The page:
of public interest principles that should guide the court and the DOJ as they work
with Google, the Authors Guild, and the AAP in approving a final agreement. I
argue that a rule of reason inquiry based on economic efficiency can and should be



12.   Horizontal price-fixing is defined as a conspiracy among a group of suppliers to agree on the prices that
      they charge. See Roger D. Blair & David L. Kaserman, Antitrust Economics 173 (2d ed. 2009).
13.   See U.S. Copyright Office, Report on Orphan Works 1 (2006), available at http://www.copyright.
      gov/orphan/orphan-report.pdf. These works are sometimes referred to as unclaimed books, as these are
      books under copyright that have not been claimed by the copyright owner. Id.
14.   Predatory pricing schemes, as discussed in this context, are efforts in which low prices are charged
      initially to ensure that a firm may charge large monopoly prices later on as a result of a substantial
      lessening of competition. See, e.g., Blair & Kaserman, supra note 12, at 160 (discussing how the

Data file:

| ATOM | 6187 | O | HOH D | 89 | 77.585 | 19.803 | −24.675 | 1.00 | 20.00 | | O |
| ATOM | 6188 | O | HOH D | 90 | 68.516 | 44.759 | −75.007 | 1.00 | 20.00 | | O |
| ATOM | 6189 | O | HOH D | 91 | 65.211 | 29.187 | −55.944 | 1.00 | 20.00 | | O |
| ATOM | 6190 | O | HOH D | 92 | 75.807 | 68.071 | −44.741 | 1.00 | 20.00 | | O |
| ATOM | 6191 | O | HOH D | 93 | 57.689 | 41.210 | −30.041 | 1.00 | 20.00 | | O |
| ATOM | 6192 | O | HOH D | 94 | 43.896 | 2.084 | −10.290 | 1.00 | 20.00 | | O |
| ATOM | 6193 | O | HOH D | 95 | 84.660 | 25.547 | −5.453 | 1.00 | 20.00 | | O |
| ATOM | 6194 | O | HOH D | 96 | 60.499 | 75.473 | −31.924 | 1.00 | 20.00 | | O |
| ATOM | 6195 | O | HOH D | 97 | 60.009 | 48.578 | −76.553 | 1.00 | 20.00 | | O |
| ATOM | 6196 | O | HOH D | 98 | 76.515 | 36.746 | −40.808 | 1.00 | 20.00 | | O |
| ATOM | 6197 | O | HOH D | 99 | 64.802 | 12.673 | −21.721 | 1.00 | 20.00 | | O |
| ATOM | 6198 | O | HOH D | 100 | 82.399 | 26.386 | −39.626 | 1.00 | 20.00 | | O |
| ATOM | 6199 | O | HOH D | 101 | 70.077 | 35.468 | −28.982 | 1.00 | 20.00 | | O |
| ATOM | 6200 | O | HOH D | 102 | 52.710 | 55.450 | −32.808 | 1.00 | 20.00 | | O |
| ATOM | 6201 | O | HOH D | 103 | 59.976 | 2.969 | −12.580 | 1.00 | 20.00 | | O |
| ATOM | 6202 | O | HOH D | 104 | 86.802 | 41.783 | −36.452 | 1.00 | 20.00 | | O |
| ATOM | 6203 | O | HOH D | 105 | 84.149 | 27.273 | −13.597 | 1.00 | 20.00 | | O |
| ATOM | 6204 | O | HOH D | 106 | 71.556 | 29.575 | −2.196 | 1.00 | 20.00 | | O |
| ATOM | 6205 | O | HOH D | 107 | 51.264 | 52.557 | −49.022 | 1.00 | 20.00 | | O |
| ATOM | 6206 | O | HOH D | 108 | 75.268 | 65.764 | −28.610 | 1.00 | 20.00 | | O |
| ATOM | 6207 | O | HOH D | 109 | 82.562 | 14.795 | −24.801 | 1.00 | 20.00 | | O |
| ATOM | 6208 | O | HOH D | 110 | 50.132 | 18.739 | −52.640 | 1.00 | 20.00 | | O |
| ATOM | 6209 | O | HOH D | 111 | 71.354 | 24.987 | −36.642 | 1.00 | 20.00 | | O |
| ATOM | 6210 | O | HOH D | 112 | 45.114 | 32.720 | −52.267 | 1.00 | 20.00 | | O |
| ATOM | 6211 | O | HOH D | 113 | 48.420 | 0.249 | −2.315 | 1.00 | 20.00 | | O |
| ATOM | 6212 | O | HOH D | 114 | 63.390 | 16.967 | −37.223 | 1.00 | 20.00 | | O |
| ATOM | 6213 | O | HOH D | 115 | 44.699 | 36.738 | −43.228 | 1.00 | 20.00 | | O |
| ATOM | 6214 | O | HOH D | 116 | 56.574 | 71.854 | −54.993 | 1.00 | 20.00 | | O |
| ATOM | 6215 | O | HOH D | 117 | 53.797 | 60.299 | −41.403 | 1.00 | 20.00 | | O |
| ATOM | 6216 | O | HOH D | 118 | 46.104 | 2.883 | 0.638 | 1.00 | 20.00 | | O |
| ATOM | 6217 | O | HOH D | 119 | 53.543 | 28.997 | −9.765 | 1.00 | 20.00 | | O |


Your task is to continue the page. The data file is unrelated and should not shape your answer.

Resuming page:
invalidity of predatory pricing schemes hinges on the possibility of recouping losses after initially
      charging a low price to entice consumers).
15.   “A tying arrangement exists when a seller of one product, A, requires its customers to purchase from it a
      second product, B, as well.” Id. at 391. In Part IV.D, I argue that Google has used Google Web Search
      as a tying product to promote Google Book Search as a tied product.
16.   See infra Part IV.D. Throughout this article, I will refer to Google Book Search by its full name and
      “GBS” interchangeably. Google Book Search, for example, is tied to Google Web Search. I contend that
      Google Book Search should not be able to attain a superior market position by sheer virtue of its